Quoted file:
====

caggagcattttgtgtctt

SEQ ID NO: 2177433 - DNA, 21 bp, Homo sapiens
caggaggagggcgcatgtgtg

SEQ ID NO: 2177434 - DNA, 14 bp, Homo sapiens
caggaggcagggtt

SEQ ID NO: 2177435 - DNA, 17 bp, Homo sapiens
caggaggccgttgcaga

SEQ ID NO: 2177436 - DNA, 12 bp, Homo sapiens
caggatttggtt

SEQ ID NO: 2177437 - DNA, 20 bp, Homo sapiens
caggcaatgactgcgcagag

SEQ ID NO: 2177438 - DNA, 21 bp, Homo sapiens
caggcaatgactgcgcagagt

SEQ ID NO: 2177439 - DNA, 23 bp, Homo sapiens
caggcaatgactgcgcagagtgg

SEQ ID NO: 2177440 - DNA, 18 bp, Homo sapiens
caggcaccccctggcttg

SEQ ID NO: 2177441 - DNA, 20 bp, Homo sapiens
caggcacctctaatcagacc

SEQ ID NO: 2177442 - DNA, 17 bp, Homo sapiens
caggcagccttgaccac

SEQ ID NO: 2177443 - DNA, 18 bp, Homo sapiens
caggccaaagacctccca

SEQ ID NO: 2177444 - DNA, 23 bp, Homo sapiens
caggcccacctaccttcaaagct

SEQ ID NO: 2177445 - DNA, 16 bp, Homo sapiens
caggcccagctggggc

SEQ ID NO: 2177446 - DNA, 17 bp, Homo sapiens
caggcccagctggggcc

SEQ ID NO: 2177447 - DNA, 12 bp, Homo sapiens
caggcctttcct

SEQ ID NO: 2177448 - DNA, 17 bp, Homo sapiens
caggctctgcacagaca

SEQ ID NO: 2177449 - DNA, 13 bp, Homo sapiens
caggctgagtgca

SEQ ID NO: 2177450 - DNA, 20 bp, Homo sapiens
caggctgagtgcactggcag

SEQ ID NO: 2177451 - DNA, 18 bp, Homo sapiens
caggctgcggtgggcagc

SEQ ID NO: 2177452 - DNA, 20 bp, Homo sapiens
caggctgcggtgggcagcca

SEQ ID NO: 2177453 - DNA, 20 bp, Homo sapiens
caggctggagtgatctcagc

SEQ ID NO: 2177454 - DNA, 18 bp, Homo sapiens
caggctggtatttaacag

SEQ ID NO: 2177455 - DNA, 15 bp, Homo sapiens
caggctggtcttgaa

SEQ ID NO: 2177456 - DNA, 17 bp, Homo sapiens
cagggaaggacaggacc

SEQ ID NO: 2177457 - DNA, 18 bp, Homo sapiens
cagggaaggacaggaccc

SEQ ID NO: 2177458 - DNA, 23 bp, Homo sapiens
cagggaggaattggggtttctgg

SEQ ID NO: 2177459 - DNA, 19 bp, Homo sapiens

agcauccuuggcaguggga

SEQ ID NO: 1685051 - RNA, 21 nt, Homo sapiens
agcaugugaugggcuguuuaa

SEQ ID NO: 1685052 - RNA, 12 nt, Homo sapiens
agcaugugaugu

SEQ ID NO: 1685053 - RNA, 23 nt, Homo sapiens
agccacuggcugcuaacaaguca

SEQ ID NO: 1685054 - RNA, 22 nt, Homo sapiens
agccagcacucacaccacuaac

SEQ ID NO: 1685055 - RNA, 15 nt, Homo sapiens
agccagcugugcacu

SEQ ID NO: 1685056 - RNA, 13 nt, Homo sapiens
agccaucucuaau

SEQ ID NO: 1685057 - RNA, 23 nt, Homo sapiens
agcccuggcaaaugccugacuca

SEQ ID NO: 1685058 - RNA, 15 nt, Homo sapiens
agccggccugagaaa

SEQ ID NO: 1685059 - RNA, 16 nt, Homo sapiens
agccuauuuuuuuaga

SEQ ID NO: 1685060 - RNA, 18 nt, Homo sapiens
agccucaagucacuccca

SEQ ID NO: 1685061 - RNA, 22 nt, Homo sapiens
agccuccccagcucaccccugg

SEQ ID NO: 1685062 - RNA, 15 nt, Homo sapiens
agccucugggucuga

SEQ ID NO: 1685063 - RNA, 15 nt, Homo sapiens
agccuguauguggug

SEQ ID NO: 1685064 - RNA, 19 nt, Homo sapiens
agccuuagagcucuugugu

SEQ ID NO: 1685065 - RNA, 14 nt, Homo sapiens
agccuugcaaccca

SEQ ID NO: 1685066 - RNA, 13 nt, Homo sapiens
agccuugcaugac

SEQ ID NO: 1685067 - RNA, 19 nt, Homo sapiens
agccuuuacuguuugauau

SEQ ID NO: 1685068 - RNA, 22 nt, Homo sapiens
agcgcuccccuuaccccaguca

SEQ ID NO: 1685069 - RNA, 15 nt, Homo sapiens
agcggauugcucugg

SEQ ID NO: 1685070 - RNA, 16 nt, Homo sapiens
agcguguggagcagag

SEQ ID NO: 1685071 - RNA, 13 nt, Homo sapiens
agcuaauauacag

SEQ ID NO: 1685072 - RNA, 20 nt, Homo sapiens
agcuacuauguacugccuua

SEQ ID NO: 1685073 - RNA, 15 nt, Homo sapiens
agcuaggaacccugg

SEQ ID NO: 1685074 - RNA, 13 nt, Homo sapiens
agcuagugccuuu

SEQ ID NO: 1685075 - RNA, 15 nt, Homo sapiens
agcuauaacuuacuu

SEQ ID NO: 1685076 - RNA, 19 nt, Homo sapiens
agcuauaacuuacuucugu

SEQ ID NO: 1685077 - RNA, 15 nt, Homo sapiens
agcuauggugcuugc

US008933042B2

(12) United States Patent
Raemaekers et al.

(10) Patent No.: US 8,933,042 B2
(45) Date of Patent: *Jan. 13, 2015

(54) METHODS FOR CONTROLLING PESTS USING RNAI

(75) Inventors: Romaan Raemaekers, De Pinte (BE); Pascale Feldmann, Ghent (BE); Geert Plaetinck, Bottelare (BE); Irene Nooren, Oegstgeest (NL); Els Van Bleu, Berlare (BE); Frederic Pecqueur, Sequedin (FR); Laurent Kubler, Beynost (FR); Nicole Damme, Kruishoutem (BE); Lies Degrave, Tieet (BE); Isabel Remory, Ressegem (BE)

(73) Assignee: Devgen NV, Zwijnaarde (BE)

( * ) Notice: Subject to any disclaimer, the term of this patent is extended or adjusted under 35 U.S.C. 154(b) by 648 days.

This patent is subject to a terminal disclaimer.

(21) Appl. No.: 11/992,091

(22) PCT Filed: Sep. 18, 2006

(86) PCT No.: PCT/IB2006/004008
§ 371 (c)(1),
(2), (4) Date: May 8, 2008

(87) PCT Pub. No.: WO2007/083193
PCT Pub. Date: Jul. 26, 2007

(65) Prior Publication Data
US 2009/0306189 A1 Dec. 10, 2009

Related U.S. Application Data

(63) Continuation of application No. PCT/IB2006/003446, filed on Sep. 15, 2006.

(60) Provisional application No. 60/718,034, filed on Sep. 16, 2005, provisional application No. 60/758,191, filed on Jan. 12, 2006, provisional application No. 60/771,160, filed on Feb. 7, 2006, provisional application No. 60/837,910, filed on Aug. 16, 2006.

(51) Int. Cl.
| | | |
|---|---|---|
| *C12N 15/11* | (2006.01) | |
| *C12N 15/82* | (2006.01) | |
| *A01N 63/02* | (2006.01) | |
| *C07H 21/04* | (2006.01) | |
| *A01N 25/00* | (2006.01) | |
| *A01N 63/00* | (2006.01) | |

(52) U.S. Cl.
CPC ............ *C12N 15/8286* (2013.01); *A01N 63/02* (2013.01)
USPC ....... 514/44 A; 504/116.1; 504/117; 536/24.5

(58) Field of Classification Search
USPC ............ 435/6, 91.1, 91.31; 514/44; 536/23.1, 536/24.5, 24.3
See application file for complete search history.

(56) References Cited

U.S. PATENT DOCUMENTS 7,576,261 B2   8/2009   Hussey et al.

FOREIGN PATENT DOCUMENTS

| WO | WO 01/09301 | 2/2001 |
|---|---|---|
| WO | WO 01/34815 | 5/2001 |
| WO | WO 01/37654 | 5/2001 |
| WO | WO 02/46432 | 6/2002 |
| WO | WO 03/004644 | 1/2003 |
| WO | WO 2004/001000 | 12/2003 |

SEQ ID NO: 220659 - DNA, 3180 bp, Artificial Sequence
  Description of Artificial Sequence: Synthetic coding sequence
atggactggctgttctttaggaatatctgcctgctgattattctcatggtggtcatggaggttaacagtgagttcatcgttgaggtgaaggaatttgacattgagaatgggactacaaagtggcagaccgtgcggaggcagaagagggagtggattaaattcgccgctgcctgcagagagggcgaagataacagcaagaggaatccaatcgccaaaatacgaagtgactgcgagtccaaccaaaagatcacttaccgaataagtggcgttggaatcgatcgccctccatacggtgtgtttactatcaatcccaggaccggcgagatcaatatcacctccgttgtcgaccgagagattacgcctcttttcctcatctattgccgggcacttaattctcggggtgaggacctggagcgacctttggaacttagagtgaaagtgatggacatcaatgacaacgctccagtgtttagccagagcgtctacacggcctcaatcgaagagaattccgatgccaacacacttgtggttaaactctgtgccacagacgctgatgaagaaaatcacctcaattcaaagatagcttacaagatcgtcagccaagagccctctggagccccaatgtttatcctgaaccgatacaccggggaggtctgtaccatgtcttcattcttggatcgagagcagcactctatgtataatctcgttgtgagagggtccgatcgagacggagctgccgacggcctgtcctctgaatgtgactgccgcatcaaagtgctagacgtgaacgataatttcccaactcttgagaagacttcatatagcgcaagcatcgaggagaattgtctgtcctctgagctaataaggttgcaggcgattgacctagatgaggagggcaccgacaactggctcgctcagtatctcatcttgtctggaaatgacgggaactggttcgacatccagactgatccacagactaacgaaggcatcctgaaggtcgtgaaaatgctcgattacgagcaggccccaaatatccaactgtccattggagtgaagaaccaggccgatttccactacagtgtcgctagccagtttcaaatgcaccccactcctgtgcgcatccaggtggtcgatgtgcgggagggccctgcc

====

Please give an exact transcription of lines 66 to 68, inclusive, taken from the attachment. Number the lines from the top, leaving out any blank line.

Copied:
SEQ ID NO: 1685056 - RNA, 13 nt, Homo sapiens
agccaucucuaau

SEQ ID NO: 1685057 - RNA, 23 nt, Homo sapiens